One of the great traits of humans, me included, is our ability to quickly forget the excesses of last year’s Halloween, when we probably over indulged by eating our fair share of sweets and other assorted treats.

Here we are, same time, same place and Halloween beckons.

Some scary truths we need to face up to:

* In the last two decades, the levels of overweight and obese adults and children in Ireland have doubled
* Only 40% of the population are at a healthy weight
* Ireland is on track to become Europe’s heaviest nation
* The direct and indirect cost to the country of obesity in Ireland is estimated at roughly €1.13 billion per year
* 6 out of 10 adults are overweight or obese with the number rising to 3 out of 4 in adults that are over the age of 50
* 1 out of 4 children are overweight or obese
* Over the age of 50, carrying extra weight puts you at higher risk of disability, chronic illness and loss of independence
* Obesity is a key risk factor for chronic conditions such as diabetes, heart disease, cancer, arthritis and poor mental health
* Carrying extra weight during pregnancy increases your risk of complications and/or having an overweight child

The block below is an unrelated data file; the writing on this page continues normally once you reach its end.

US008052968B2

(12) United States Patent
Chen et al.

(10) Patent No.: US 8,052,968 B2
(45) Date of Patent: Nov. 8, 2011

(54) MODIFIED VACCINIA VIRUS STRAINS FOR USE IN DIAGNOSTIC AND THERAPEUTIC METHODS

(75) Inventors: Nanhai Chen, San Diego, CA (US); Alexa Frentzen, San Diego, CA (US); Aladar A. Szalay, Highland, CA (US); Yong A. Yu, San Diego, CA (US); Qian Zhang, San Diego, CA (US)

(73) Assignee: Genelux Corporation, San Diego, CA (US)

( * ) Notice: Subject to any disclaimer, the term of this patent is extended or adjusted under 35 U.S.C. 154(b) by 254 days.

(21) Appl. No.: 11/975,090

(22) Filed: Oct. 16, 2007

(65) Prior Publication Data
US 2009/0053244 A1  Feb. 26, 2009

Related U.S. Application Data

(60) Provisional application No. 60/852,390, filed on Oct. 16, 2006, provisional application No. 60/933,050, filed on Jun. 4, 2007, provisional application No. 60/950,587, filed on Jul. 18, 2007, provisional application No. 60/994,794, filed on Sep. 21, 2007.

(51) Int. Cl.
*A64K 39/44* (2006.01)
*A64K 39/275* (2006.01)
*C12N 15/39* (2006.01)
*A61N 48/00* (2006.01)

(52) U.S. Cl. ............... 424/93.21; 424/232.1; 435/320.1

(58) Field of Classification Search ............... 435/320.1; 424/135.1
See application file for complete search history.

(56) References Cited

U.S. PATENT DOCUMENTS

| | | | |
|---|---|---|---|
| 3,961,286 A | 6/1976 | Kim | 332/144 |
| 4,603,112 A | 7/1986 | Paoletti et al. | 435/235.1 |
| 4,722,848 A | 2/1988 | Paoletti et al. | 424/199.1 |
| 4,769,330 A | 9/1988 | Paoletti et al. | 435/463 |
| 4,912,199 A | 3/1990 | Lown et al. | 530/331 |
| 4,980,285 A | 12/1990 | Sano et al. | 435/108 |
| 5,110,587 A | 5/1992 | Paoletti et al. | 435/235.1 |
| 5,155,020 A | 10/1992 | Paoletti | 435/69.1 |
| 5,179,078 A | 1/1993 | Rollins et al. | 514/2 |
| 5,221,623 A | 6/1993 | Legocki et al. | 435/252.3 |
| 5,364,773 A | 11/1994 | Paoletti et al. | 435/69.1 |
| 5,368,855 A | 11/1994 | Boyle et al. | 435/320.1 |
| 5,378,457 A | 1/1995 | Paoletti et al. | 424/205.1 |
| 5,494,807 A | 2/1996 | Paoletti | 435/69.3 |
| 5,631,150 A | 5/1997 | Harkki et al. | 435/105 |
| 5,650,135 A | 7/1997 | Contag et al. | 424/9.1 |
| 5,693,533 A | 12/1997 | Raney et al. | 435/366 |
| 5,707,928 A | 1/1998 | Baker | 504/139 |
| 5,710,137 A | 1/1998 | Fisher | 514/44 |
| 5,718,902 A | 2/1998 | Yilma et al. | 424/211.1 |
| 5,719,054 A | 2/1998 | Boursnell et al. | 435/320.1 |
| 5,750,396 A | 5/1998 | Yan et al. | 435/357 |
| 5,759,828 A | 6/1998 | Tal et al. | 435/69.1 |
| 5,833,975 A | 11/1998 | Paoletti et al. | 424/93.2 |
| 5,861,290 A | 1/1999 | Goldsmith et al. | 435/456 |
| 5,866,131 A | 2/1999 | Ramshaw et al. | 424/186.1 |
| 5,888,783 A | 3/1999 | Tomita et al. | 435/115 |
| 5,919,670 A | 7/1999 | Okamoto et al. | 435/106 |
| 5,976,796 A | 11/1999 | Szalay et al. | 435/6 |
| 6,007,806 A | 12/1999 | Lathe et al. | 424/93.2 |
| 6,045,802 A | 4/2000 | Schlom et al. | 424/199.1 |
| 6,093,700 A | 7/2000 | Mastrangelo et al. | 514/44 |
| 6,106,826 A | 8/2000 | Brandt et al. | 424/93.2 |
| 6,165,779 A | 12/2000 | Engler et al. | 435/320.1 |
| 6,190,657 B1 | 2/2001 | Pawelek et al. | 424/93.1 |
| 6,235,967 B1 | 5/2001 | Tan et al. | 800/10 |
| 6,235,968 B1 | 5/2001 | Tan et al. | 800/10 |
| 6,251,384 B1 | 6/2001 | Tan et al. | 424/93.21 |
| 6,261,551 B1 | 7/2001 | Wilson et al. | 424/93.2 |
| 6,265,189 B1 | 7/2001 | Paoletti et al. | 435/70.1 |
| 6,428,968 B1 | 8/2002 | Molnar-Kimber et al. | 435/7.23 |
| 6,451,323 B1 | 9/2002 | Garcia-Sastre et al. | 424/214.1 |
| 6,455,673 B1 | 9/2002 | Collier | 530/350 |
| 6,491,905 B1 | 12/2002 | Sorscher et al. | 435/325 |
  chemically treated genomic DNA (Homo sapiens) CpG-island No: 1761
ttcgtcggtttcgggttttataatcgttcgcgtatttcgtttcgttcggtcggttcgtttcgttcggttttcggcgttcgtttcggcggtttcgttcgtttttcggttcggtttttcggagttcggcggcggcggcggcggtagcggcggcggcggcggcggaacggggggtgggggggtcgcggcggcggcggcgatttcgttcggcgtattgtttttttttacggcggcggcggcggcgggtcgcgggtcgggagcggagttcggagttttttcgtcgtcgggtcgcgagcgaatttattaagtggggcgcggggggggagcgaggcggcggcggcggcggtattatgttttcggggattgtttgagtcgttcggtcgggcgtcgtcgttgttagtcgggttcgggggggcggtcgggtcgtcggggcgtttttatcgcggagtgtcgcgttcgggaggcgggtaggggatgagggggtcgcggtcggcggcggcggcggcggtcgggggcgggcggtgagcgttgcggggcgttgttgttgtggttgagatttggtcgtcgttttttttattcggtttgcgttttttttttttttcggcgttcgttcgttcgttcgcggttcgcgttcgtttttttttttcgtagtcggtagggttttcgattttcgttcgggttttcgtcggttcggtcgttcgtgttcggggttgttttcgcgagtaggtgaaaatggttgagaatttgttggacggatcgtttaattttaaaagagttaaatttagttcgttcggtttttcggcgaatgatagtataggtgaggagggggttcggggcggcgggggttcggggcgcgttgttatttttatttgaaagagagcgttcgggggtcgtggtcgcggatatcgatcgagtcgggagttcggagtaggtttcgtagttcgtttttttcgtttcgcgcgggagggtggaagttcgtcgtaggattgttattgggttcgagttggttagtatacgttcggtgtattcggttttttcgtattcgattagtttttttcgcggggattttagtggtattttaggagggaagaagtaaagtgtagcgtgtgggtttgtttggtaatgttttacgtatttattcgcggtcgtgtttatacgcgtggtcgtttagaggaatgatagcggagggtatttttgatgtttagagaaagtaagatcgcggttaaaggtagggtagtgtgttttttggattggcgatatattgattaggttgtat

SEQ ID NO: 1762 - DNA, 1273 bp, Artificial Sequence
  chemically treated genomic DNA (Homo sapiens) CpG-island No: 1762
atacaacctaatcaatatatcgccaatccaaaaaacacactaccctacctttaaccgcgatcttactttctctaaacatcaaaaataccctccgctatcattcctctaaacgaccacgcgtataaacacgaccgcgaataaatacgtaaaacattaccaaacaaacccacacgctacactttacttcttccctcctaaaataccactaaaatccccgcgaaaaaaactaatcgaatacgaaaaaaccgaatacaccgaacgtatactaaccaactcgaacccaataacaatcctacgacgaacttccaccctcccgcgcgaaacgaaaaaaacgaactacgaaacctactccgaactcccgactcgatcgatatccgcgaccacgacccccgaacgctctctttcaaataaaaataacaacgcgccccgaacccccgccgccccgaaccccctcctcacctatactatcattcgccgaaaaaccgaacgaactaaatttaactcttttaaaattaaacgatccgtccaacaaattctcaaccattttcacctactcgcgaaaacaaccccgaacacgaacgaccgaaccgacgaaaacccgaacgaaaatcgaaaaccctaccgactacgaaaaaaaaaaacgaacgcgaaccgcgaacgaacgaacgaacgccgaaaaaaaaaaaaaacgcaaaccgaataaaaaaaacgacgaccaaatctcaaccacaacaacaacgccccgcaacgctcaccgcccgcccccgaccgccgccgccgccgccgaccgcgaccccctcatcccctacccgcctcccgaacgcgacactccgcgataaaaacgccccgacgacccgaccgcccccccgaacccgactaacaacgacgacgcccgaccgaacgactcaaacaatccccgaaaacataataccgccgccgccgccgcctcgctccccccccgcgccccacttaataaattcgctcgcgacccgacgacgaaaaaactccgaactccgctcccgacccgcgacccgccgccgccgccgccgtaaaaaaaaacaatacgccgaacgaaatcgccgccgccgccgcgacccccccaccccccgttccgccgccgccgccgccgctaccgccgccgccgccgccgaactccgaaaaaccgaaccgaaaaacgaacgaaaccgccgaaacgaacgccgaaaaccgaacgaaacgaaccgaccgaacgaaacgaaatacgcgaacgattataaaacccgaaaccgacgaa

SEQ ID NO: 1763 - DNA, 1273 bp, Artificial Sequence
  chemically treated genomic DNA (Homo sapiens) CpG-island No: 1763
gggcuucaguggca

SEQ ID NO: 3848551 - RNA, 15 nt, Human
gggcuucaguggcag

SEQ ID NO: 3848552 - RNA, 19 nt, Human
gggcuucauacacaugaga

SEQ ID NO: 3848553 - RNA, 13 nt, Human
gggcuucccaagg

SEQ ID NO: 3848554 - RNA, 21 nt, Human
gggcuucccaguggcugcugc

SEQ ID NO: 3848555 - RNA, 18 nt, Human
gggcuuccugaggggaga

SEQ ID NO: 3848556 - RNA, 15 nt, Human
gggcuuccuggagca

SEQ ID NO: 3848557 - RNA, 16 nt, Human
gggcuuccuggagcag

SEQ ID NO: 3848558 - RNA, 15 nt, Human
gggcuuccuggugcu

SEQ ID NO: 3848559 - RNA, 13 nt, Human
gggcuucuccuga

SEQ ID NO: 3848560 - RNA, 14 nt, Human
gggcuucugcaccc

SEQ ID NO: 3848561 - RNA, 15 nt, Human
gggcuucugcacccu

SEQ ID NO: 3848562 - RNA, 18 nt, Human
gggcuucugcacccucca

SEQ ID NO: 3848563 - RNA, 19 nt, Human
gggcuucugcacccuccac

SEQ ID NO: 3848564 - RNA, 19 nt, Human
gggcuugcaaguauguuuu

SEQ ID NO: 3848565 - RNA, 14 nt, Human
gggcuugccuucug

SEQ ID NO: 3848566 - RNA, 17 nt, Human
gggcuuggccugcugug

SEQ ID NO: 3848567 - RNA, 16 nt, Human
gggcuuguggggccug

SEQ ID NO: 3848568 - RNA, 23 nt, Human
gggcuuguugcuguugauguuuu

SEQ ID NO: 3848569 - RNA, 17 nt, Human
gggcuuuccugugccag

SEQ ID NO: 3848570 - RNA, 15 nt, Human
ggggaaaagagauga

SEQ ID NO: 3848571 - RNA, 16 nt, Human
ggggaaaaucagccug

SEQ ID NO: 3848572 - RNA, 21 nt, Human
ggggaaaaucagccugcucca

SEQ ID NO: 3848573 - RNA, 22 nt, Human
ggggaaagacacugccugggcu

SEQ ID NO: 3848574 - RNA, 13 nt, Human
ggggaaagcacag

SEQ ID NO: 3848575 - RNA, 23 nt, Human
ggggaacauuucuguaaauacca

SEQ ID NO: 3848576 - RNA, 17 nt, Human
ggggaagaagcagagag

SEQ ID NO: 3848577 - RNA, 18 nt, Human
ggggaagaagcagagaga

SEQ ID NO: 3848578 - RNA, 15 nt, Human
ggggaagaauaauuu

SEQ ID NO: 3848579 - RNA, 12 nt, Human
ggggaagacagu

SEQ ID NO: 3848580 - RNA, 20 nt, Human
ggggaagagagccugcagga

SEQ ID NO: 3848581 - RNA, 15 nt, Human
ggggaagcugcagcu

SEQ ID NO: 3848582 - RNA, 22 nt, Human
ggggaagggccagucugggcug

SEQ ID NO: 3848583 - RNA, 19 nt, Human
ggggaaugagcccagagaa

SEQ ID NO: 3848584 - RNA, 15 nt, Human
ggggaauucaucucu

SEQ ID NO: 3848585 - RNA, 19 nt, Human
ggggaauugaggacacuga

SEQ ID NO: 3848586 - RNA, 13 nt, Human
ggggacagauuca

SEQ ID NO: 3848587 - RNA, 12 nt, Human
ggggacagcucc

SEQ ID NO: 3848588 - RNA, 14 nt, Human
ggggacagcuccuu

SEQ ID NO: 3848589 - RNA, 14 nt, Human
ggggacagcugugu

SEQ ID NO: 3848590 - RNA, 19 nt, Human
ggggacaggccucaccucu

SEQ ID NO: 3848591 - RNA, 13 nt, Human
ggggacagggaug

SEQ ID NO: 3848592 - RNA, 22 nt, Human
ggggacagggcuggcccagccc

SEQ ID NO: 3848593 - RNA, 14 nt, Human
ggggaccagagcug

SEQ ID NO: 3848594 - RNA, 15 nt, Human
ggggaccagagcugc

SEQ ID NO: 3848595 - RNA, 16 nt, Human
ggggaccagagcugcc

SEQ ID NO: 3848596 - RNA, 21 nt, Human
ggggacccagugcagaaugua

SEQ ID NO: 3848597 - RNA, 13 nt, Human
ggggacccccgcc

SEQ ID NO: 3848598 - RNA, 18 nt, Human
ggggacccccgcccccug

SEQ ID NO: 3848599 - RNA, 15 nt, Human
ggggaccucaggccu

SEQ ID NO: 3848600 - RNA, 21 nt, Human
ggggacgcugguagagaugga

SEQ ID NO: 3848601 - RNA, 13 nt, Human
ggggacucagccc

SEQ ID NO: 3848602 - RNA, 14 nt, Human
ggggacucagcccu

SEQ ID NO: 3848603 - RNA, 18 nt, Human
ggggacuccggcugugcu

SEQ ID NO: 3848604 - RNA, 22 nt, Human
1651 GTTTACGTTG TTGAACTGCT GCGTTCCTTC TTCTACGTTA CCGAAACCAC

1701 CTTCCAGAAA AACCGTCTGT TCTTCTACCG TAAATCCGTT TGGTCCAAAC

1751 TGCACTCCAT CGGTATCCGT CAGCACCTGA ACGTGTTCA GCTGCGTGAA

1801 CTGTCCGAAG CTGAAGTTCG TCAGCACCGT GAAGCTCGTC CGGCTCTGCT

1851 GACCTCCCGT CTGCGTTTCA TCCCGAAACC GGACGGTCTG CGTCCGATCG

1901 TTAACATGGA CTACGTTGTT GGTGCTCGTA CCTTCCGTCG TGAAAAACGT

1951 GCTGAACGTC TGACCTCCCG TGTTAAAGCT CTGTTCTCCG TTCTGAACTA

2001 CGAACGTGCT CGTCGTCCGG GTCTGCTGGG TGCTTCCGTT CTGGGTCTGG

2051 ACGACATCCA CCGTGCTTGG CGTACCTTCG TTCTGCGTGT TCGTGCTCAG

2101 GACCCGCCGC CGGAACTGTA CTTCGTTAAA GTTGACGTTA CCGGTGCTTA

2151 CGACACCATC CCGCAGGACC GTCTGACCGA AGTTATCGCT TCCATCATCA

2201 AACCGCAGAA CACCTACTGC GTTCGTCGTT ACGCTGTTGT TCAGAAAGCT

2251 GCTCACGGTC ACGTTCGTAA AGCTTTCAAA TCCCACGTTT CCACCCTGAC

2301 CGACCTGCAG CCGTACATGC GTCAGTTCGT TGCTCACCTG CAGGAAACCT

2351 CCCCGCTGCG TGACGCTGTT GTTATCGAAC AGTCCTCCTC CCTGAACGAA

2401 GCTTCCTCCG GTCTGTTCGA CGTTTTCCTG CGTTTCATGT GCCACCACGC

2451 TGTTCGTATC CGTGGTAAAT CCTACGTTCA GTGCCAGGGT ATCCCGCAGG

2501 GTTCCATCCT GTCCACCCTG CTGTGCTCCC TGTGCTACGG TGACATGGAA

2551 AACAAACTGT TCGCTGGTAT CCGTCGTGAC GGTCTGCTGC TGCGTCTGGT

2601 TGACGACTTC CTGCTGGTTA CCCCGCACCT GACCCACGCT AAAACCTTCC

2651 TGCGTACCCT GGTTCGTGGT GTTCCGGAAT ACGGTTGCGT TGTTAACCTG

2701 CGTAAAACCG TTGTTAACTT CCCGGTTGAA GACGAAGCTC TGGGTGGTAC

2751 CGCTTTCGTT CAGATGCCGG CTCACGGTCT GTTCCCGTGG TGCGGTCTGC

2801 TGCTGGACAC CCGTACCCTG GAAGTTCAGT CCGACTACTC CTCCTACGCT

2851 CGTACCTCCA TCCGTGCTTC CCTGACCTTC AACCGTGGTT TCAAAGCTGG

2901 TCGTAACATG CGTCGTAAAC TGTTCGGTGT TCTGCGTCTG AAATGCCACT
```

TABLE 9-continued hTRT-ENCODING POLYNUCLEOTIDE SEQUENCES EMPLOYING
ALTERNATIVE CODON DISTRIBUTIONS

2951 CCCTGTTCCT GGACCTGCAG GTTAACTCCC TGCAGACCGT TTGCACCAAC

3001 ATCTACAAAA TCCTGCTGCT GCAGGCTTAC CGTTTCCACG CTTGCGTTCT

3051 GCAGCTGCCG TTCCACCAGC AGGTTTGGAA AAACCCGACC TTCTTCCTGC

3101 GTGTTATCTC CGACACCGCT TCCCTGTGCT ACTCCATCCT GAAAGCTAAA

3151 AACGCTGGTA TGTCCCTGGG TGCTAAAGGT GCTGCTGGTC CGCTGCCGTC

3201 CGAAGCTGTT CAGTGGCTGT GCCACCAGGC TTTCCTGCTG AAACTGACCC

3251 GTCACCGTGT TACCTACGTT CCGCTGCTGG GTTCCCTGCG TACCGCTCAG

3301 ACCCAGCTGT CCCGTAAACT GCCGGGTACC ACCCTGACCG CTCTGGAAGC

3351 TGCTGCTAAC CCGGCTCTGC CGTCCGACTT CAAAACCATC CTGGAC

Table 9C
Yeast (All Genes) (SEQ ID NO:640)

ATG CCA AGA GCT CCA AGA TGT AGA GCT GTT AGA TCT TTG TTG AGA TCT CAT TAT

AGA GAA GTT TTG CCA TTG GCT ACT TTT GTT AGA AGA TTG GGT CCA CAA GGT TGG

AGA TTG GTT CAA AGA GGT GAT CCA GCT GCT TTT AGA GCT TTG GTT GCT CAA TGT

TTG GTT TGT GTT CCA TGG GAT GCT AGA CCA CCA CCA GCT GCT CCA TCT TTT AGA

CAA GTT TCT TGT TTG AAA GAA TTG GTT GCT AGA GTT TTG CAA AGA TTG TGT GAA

* Heart disease and diabetes, which often accompany obesity can take years off your life and drastically reduce your quality of living

While these statistics may be hard to believe they unfortunately reflect the scary state our is in. The good news is it is never too late to turn over a new leaf and take control of your weight. Maintaining a healthy lifestyle is the key to success – a balanced diet and regular physical activity are of the utmost importance.

The diets of Irish people with weight issues shows excess consumption of processed foods that are rich in saturated fats, trans fats, sugars and salt, and most worryingly, a low consumption of fruit and vegetables.

Currently only 1 in 4 of us are getting our recommended 5 a day when it comes to fruit and vegetables, with 7 out of 10 adults not meeting recommended physical activity guidelines.

At Halloween, supermarket shelves overflow with discounted multipacks of sweets, chocolate and crisps, all encouraging us to stock up for the occasion. To compound the challenge, parents are faced with a break in routine over the mid-term holidays that often results in poor diet choices for both parent and child alike.

So, to have a healthy Halloween, cook some wholesome and tasty meals during the mid-term break and also offer trick-or-treaters some options that are just as tasty but lower in sugar and fat.

For a healthy Halloween, we’ve compiled a special recipe pack. Click here to download.

Blog Post by Michael O'Brien